“It’s a free resource, but we just learned about it,” Kelley said. “Any training helps us as we work to create a culture of safety within our organization.”

The Kingston safety committee is also reviewing on-the-job accidents experienced by city employees, with a goal of reducing the number each year through the city’s renewed focus on safety.

Registration for the 4th Annual Risk & Insurance Symposium is now open. To register, view the agenda or learn more about the event, please visit http://pepartners.oakridgeamc.events/.

 


“We want to take any measures we can to reduce injuries. I think our employees and the members of the safety committee understand that our goal is to keep them safe. You must have a heart for people and their families. I never want to inform a family that something has happened to their loved one. This is the first time I’ve been involved in safety. I’ve always been a bookkeeper, but the symposium really opened my eyes to the dangers our employees can face. I want to make sure all our employees understand those dangers and work as safely as possible.”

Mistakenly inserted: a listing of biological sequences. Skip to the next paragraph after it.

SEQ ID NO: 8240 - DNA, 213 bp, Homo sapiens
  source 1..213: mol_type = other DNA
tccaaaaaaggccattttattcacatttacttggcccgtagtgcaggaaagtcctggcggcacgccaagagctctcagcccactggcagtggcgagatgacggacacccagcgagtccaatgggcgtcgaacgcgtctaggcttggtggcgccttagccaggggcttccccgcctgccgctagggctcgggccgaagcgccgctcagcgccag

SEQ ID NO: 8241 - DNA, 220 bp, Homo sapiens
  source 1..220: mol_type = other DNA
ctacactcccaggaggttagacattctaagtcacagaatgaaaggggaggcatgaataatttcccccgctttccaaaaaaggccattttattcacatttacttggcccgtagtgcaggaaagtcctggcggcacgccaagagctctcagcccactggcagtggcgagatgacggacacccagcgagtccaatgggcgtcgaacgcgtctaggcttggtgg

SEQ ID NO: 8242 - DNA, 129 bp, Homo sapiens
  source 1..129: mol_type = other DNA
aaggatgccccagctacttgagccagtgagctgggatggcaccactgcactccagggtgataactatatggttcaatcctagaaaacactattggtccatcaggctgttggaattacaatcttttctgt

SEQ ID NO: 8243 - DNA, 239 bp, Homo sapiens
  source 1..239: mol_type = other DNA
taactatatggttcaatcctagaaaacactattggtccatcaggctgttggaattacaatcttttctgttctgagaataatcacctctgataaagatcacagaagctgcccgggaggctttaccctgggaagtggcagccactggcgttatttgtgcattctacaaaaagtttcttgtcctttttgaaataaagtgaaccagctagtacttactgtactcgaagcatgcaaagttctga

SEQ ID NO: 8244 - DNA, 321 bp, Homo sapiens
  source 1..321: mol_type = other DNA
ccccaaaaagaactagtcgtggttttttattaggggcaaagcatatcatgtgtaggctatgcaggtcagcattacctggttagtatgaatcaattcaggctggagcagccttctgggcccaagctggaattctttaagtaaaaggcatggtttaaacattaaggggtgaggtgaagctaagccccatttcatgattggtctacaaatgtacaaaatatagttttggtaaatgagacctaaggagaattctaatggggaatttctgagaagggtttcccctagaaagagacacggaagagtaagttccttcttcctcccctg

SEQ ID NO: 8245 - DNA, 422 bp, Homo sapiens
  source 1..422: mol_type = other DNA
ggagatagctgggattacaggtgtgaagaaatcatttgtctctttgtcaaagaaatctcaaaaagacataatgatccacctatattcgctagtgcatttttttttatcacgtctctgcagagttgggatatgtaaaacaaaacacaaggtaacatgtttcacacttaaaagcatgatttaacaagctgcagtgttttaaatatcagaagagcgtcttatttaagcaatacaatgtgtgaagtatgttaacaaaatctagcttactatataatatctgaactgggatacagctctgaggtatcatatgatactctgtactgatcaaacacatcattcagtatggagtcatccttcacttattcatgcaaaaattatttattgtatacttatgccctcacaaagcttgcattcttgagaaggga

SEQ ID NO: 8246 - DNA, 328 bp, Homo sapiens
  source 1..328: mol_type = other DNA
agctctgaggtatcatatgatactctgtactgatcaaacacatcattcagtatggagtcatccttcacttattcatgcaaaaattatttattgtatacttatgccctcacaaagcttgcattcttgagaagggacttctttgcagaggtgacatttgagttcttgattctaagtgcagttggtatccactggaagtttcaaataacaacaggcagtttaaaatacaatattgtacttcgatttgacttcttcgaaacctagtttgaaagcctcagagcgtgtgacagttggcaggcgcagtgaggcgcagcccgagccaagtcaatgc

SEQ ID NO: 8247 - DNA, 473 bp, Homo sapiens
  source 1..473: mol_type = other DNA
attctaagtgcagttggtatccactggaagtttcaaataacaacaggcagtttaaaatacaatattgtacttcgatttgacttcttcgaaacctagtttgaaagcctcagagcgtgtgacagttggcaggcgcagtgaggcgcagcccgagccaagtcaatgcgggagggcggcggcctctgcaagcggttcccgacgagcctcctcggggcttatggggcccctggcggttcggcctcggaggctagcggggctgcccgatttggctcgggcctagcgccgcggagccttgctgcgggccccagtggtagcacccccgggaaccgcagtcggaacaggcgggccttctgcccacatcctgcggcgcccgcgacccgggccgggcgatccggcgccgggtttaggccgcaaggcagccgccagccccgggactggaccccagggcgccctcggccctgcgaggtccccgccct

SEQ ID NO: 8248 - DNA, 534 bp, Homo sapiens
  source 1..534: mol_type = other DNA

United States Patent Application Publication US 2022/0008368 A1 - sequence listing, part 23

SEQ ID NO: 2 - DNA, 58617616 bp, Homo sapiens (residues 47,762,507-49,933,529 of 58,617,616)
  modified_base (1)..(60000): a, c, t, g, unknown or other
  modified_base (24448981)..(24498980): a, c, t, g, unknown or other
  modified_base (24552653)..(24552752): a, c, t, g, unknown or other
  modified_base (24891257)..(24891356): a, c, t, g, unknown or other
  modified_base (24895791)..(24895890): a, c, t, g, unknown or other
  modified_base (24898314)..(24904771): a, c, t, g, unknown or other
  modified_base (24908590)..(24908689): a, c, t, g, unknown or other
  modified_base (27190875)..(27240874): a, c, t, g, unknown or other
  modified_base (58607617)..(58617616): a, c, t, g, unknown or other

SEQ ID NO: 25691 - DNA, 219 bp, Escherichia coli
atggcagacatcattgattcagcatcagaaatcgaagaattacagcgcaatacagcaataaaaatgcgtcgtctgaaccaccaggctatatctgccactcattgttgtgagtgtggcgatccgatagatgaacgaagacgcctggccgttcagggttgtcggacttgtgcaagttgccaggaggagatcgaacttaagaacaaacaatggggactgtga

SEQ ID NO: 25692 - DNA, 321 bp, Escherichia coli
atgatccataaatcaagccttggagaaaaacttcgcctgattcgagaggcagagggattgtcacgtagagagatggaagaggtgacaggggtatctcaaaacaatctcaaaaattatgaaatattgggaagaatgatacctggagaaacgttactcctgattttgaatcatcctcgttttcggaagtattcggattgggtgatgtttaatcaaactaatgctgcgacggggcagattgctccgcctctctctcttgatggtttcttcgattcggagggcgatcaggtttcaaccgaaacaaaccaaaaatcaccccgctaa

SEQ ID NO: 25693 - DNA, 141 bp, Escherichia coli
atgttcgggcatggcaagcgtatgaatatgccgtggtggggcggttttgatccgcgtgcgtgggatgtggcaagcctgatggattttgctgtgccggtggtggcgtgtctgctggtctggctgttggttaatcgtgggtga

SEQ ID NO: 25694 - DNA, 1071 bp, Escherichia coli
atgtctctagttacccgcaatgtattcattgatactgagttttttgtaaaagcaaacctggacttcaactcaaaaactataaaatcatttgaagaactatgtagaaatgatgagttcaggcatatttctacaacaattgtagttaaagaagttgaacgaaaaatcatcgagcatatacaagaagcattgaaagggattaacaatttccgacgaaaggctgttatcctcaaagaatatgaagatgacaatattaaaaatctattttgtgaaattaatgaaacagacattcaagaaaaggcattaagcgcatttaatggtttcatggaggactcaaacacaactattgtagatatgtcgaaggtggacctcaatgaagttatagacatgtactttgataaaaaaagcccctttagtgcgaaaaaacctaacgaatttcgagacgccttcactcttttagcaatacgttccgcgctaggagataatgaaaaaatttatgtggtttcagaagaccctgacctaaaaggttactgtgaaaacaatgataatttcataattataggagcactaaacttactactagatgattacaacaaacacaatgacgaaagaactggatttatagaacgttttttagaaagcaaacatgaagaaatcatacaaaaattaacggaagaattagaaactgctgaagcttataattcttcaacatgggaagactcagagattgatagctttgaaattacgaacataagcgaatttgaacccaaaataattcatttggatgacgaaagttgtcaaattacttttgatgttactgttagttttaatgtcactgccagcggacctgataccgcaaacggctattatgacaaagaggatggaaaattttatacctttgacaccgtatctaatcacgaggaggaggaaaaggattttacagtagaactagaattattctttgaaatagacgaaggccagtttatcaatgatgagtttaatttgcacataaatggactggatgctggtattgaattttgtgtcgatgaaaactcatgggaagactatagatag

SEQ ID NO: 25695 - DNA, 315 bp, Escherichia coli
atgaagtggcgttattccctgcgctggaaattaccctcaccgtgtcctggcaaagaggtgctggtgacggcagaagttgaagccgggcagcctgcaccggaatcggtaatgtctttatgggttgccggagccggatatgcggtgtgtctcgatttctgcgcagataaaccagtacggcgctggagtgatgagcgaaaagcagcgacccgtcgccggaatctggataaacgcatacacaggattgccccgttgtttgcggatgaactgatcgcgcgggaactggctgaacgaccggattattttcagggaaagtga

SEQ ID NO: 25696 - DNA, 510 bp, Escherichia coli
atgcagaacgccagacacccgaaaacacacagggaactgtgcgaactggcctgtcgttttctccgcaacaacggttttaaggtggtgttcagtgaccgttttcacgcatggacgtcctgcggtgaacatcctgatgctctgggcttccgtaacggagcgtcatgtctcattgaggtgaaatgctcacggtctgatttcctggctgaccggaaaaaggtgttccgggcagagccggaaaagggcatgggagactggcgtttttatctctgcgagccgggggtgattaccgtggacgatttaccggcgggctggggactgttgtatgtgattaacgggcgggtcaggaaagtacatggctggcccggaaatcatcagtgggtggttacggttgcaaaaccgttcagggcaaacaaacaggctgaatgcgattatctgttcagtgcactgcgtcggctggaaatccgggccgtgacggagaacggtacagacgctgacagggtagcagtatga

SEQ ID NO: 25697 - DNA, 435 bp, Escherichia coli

Michelle Kelley
Senior Accounting Clerk
Safety Committee Chairman
City of Kingston

 

 

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Promoting Workplace Professionalism to Decrease Liability Risks

In its 2018 Performance and Accountability Report, the Equal Employment Opportunity Commission (EEOC) shared that it “secured approximately $505 million and other relief for over 67,860 victims of discrimination in the workplace. The EEOC's legal staff resolved 141 merit lawsuits, filed 199 more in FY 2018, and filed 29 amicus curiae briefs on significant legal issues in employment discrimination cases.”

One of the many responsibilities of the EEOC is to prevent and remedy unlawful employment discrimination. These illegal behaviors not only have negative effects on mistreated employees, but also on a local government agency’s ethical environment and productivity, and can be very costly to investigate and litigate.